4 years ago

    Keep in mind that you are voiding the warranty and you may cause the fireplace safety control features to fail. This may cause an odorless carbon monoxide gas to vent into the room.

    doo da do

    4 years ago on Introduction

    Wire in the thermastateq will come on and that will keep the fans cool. Doodado


    5 years ago on Introduction

    Will these fans automatically run at full speed this way, or could someone hook up a dial that would allow them to run faster? I made this (or something like this) and my fans aren't moving enough air. I was curious if my fans were pulling the maximum current by default.


    8 years ago on Introduction

    That looks great! I'd love to be able to build something like that, unfortunately I'm not that handy. We've been looking for an efficient little fireplace for a little while now and finally came across one that looks perfect. We found it at, check their fireplaces out!


    I use one of those fireplace grate heat exchangers in my home as my primary heat source burning pallet wood. I got it from one of the things to note is they have these die cut ceramic fiber insulators similar to the silicone gaskets used here only they can handle much higher heat, insulate the fan better and since they are die cut they have 4 little arms and a center patch that covers the fan motor protecting it from heat, I will add a pic to best describe. Something you might consider as it seems more appropriate to the application.

    2010-04-25 19.38.47.jpg

    9 years ago on Step 12

    how safe is it to use phone jack to connect the ac/dc transformer to the fan?

    1 reply
    KT Gadgetbobinette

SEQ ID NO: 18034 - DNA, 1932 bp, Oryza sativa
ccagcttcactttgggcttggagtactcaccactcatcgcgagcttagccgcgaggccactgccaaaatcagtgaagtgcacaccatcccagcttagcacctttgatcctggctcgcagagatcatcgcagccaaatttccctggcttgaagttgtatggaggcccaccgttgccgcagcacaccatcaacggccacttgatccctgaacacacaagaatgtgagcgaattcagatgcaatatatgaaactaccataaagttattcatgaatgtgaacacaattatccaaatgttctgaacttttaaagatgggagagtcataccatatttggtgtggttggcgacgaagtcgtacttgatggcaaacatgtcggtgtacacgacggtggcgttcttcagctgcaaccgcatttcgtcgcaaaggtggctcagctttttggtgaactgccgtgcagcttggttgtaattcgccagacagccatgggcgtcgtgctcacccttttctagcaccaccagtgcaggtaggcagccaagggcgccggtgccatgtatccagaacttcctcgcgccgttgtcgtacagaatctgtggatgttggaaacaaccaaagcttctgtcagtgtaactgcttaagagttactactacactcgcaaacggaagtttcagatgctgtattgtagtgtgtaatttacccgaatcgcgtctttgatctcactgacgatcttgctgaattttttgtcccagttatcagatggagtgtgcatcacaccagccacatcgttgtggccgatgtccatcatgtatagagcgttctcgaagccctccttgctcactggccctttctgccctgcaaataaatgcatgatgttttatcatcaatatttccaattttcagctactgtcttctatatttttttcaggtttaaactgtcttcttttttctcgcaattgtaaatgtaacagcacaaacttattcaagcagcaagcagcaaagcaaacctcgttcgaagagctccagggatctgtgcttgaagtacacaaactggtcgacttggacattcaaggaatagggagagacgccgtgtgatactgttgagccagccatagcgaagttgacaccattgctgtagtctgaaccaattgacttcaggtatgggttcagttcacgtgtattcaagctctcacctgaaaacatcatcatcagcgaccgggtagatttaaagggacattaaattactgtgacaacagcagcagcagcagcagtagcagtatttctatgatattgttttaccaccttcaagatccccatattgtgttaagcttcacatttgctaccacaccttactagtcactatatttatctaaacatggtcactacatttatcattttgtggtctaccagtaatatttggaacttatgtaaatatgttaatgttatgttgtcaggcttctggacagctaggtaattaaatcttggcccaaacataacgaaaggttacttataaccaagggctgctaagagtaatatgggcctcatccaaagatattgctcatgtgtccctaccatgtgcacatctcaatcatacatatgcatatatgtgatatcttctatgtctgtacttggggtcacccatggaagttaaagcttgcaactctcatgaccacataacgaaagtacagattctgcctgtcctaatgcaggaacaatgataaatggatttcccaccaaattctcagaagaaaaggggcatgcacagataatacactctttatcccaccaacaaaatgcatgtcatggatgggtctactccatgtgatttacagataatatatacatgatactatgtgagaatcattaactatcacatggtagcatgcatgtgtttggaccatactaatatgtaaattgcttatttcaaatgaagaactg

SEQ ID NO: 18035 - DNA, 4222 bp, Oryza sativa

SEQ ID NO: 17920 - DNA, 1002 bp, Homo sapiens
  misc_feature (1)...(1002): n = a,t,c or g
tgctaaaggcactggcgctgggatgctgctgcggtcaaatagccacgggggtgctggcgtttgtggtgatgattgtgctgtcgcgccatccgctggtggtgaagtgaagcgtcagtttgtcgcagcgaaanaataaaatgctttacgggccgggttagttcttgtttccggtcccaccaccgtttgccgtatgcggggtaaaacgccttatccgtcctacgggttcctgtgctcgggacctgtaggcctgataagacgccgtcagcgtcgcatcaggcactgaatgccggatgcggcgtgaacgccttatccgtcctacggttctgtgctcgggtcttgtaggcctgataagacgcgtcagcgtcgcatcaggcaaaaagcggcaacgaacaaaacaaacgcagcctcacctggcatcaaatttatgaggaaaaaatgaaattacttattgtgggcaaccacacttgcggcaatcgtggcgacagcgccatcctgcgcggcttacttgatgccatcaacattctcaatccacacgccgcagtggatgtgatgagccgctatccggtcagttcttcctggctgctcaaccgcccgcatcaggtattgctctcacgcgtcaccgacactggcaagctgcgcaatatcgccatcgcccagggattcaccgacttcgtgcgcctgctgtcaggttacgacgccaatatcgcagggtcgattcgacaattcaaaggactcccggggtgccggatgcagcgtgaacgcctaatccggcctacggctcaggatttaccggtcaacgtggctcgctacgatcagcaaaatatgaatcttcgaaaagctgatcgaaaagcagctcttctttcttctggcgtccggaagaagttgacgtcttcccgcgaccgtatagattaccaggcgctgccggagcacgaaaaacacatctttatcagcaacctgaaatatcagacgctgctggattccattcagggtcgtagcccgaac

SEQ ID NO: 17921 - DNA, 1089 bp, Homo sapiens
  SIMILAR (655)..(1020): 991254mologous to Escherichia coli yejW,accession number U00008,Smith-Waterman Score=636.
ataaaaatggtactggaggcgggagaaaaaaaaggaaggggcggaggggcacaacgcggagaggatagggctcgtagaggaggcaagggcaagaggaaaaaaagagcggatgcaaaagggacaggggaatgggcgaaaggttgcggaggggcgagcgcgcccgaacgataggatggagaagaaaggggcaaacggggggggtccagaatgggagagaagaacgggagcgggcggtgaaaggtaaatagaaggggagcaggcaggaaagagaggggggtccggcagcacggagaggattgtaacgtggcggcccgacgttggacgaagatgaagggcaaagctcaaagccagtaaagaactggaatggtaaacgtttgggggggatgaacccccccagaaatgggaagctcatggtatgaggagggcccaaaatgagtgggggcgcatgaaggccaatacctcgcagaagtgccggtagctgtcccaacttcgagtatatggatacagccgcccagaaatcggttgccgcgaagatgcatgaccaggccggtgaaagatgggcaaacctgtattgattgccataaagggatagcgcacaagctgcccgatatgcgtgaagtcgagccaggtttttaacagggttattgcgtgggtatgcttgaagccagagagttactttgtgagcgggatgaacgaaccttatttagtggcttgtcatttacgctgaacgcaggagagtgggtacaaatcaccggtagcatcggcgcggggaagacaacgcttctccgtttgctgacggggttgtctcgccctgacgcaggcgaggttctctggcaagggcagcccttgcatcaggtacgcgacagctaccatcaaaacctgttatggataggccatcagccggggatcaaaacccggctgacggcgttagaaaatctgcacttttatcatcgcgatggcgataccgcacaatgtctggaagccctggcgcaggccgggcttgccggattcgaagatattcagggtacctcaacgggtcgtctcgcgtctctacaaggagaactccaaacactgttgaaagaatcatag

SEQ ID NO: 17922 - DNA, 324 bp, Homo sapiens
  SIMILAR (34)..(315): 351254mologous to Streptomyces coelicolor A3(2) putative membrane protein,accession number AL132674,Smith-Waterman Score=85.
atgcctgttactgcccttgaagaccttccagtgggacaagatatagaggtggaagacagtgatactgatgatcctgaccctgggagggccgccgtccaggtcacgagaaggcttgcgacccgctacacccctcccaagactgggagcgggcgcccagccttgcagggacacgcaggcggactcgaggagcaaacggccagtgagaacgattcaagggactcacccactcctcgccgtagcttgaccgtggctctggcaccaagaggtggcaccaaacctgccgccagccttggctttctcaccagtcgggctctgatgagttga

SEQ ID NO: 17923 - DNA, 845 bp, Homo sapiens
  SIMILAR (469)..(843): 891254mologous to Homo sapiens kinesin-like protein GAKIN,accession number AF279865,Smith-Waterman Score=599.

Reply 9 years ago on Introduction

     Thats what i thought too when i used 2 12v PC fans (with 1 A running) but it actually works well. The only concern is the plastic melting and the 2 contacts making connection, hence a short circuit, due to the heat of the fire. For a safer channel, run a chute (or square tube) made of metal to the back and then have it point to where you want the heat.


    9 years ago on Introduction

    This is not my idea, but I thought I would throw it out there. Epoxy a thermostat to a magnet and attach to the bottom of the firebox. When it gets hot it will turn the fans on and they will stay on until the fire cools.


    9 years ago on Introduction

    You Can Get Fans From an Old Computer, You Can Get the Metal From an Old Computer's Casing, and You Don't have To buy a New Adapter/Wall Wart/Power Source You Likely Have Around Collecting Dust, And If you Don't You Are Likely To find someone throwing one away. ~ReCreate


    Reply 9 years ago on Introduction

    For you electricians out there, do you see any problem with putting a dimmer switch to control the outlet in the fireplace? Would that not give better fan speed control?


    9 years ago on Introduction

    When I first read this title of this thread it scared the crud out of me, (make your own fireplace fan = certain death by flames) but now that I see how you made it and the application....looks like a keen idea! Good job.


    10 years ago on Step 12

    Great tutorial, very cleanly done (unlike some builds on here) and well thought out. Im impressed as I have actually built one of these (8 fans wide) for my wood burning fireplace that was hugely innefective at warming the entire house. Airmovement is critical if you want anything more than a body magnet like most fireplaces are. Good job!


    10 years ago on Step 7

    clear aquarium silicone sealant lightly "painted" on the non showing sides of sheet metal also dampens noises and vibrations.


    10 years ago on Step 3

    A little less time consuming way is to just buy the right size hole saw from your local big box home improvement center. Make sure you clamp the metal sheet to some wood with your holes and some screws. Rotating sheet metal is dangerous